Apart from these, normal protein balance of body gets disturbed and edema ensues. That’s why in initial phases of brain injury, the diet needs to be abundant in proteins. Proteins are generally required for repair process as well. Due to injury, the cellular membranes get damaged and calcium overload occurs. An excessive influx of calcium activates many transport proteins in the cells and excites many pathways leading to altered communications. The structural integrity of cells becomes compromised and inflammation is exacerbated.

 

“That’s why in initial phases of brain injury, the diet needs to be abundant in proteins.”

 

An imbalance in protein homeostasis also leads to oxidative burden in the body. An immense amount of free radicals unleash in your brain and contribute to the damage done by a concussion.

How do the energy requirements change soon after a brain injury?

The energy demand increases following a concussion and the mechanism has been discussed in detail in the previous section. One last verdict that needs to be mentioned here, however, is the energy recession.

Due to damage, a general decrease in cellular constituents and most importantly, a functional deficiency of mitochondria, the energy production decreases significantly. Glycolysis occurs insufficiently so the production of ATPs drains and cells have to rely on other (anaerobic) means to produce energy. This shift has its own side effects and plays a major role in exacerbating the injury. To check these energy setbacks, a high-energy nourishment is recommended soon after brain injury.

Part 4 dives deeper into the specific nutrients that can speed recovery after a concussion has occurred!

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John Dewitt

Dr. DeWitt is a Vanderbilt University graduate who earned a full athletic scholarship after his first semester.He went on to become the starting defensive end for the next four years and was awarded The Wade Looney Award for outstanding work ethic.He continued his football career with the NFL Houston Oilers, NFL Europe Champion Scottish Claymores, Montreal Alouettes of the CFL, San Francisco Demons of the XFL, and several teams in the AFL including three seasons with the LA Avengers.

After retiring from football, Dr. DeWitt earned his Doctor of Chiropractic degree from Los Angeles Chiropractic College.He is practicing in Orange County, at Bergman Family Chiropractic, specializing in concussion assessment, advanced sports nutrition, natural vision correction techniques and more.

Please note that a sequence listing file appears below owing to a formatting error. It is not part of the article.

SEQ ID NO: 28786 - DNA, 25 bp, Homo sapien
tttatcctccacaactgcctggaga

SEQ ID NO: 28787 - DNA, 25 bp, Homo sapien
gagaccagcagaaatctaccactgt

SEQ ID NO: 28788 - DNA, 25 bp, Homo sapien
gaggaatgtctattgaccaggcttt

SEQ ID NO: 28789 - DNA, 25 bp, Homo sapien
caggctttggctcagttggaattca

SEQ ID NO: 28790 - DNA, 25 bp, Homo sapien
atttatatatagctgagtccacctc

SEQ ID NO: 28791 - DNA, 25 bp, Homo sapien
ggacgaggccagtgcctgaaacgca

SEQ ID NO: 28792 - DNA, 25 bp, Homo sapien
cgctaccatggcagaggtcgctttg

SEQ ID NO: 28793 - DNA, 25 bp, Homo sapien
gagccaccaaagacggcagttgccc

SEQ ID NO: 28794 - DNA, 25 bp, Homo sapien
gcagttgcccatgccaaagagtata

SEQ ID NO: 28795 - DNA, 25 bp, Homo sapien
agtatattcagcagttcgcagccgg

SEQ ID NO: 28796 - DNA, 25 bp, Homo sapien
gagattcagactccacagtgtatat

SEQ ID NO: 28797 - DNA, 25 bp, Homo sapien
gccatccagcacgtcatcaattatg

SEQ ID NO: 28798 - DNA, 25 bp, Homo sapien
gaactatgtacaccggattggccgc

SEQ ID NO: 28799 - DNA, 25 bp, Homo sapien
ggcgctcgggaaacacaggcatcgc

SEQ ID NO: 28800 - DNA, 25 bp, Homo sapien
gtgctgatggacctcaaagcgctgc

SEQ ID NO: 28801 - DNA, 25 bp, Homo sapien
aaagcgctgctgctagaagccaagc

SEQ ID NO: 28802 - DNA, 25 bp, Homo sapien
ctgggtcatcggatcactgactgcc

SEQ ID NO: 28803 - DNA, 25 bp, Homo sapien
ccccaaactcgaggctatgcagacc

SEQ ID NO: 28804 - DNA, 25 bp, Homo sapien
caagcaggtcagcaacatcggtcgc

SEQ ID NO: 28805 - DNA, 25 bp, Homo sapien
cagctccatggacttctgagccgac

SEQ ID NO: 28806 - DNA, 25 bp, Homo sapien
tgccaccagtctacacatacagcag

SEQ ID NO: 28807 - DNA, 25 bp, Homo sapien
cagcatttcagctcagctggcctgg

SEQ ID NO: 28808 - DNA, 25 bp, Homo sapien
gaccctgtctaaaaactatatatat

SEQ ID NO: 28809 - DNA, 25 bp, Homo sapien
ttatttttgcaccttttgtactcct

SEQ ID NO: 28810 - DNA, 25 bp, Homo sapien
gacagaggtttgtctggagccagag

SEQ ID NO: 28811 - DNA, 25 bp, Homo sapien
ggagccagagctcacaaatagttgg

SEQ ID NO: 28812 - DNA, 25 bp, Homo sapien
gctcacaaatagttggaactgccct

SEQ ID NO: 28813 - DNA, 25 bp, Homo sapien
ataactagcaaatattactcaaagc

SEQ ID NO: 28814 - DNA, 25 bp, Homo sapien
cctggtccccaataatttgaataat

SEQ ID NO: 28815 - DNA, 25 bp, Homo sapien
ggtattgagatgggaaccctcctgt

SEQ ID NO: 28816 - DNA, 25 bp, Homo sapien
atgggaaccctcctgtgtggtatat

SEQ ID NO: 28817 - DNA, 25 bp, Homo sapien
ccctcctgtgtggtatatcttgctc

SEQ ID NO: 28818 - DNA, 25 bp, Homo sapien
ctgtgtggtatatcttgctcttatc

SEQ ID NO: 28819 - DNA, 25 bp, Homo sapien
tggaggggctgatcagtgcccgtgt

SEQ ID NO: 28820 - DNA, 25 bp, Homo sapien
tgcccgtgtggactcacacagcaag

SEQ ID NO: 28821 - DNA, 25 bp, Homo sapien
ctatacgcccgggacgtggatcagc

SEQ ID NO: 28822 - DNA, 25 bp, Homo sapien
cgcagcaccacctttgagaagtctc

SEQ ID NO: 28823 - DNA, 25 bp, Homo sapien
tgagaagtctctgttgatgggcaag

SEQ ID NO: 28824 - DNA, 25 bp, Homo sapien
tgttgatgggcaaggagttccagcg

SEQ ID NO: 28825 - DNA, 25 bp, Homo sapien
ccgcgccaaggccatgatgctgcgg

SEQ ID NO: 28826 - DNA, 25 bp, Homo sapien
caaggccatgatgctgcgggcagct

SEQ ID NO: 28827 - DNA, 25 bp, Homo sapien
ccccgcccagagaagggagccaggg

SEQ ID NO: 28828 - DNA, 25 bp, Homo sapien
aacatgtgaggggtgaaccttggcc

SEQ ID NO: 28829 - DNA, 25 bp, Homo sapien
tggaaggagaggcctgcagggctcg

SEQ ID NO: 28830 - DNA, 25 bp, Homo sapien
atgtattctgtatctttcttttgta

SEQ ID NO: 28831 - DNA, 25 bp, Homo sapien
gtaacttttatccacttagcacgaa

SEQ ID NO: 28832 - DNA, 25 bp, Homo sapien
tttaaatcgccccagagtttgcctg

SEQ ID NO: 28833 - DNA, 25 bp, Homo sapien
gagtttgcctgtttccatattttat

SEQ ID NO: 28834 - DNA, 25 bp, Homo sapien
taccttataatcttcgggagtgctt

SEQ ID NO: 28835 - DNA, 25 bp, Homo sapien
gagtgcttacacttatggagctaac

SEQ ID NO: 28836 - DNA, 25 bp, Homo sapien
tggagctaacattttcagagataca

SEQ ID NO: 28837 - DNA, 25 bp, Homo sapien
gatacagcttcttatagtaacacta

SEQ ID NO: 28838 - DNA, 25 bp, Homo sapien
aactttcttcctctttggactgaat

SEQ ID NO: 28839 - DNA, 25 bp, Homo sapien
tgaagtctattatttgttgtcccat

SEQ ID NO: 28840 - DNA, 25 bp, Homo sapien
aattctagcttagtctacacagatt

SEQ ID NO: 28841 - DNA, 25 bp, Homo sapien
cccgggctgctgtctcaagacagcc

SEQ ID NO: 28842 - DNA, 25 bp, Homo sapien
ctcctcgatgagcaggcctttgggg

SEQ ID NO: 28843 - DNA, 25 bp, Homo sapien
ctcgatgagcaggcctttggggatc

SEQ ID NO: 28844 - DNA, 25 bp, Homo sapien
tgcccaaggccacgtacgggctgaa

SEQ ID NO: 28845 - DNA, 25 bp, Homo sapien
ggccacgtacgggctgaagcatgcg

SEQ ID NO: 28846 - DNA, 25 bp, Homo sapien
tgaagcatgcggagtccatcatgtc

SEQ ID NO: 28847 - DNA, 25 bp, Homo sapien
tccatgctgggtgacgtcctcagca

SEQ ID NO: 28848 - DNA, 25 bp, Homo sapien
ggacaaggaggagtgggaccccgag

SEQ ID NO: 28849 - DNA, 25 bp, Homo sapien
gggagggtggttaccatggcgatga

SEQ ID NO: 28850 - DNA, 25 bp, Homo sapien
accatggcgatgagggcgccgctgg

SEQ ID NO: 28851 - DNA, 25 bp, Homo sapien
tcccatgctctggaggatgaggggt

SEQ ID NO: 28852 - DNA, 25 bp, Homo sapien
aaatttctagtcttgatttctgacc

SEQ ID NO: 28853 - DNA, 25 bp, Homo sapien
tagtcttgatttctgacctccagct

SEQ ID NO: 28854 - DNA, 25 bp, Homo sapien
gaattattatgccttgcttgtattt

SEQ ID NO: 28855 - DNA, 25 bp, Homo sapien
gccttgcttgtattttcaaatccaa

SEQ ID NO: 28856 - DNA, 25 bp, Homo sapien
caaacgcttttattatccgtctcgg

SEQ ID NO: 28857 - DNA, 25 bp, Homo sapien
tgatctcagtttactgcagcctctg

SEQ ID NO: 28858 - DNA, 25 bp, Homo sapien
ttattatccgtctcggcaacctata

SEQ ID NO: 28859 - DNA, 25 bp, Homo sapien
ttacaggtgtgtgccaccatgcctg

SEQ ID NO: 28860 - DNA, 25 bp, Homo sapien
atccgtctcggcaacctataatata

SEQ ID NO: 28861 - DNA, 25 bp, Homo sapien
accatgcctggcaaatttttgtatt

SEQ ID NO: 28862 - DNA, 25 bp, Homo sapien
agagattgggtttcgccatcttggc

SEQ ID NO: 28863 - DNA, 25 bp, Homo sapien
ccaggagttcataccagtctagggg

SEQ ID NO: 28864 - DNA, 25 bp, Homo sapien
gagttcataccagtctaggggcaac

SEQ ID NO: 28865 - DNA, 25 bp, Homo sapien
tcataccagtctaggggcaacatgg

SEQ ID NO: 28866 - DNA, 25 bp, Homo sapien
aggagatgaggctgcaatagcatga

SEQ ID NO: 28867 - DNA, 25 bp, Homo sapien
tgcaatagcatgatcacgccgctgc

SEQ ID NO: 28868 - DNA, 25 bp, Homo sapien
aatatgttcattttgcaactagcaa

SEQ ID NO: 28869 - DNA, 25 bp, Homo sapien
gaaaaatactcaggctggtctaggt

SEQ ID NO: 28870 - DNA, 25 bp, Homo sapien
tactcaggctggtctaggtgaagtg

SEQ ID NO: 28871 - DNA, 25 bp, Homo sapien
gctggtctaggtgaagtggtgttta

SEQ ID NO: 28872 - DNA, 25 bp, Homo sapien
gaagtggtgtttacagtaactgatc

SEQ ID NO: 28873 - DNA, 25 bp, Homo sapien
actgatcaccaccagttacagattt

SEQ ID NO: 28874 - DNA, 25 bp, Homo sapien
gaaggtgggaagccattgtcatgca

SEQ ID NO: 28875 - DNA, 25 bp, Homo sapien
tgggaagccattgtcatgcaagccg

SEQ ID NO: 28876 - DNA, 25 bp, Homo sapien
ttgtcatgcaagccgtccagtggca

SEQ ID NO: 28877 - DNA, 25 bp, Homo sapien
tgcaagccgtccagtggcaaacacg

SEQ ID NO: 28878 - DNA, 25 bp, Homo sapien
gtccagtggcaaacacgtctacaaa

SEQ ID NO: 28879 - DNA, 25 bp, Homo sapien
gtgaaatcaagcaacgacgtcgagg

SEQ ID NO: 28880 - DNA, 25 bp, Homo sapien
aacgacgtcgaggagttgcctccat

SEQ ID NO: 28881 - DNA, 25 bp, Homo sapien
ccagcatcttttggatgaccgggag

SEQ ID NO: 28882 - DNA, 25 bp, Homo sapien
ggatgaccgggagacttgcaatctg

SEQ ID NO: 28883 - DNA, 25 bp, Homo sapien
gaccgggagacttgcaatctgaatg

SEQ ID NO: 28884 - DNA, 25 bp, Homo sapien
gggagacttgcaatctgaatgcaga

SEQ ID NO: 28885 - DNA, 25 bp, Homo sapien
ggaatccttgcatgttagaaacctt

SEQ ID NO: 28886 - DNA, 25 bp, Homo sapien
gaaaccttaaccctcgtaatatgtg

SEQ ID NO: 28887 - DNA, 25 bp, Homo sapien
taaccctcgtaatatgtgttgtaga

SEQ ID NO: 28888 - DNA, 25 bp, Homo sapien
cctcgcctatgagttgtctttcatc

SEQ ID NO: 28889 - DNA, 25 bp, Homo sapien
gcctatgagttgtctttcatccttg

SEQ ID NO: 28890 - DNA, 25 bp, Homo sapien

Dr. DeWitt can be heard on several radio shows from LA Talk Radio to ABC News Radio. He speaks on the future of sports as well as other natural ways to optimize brain function, eyesight and overall productivity.

He has authored several, best-selling books on a variety of topics including Goal Setting, Golf, Concussions and CTE and a three-part series on Natural Vision Correction.

He has been happily married to Cathy DeWitt for over nineteen years.They live in Huntington Beach, CA with their two adorable dogs, Ricky and Lucy.
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Dr. DeWitt is a Vanderbilt University graduate who earned a full athletic scholarship after his first semester. He went on to become the starting defensive end for the next four years and was awarded The Wade Looney Award for outstanding work ethic. He continued his football career with the NFL Houston Oilers, NFL Europe Champion Scottish Claymores, Montreal Alouettes of the CFL, San Francisco Demons of the XFL, and several teams in the AFL including three seasons with the LA Avengers. After retiring from football, Dr. DeWitt earned his Doctor of Chiropractic degree from Los Angeles Chiropractic College. He is practicing in Orange County, at Bergman Family Chiropractic, specializing in concussion assessment, advanced sports nutrition, natural vision correction techniques and more. Dr. DeWitt can be heard on several radio shows from LA Talk Radio to ABC News Radio. He speaks on the future of sports as well as other natural ways to optimize brain function, eyesight and overall productivity. He has authored several, best-selling books on a variety of topics including Goal Setting, Golf, Concussions and CTE and a three-part series on Natural Vision Correction. He has been happily married to Cathy DeWitt for over nineteen years. They live in Huntington Beach, CA with their two adorable dogs, Ricky and Lucy.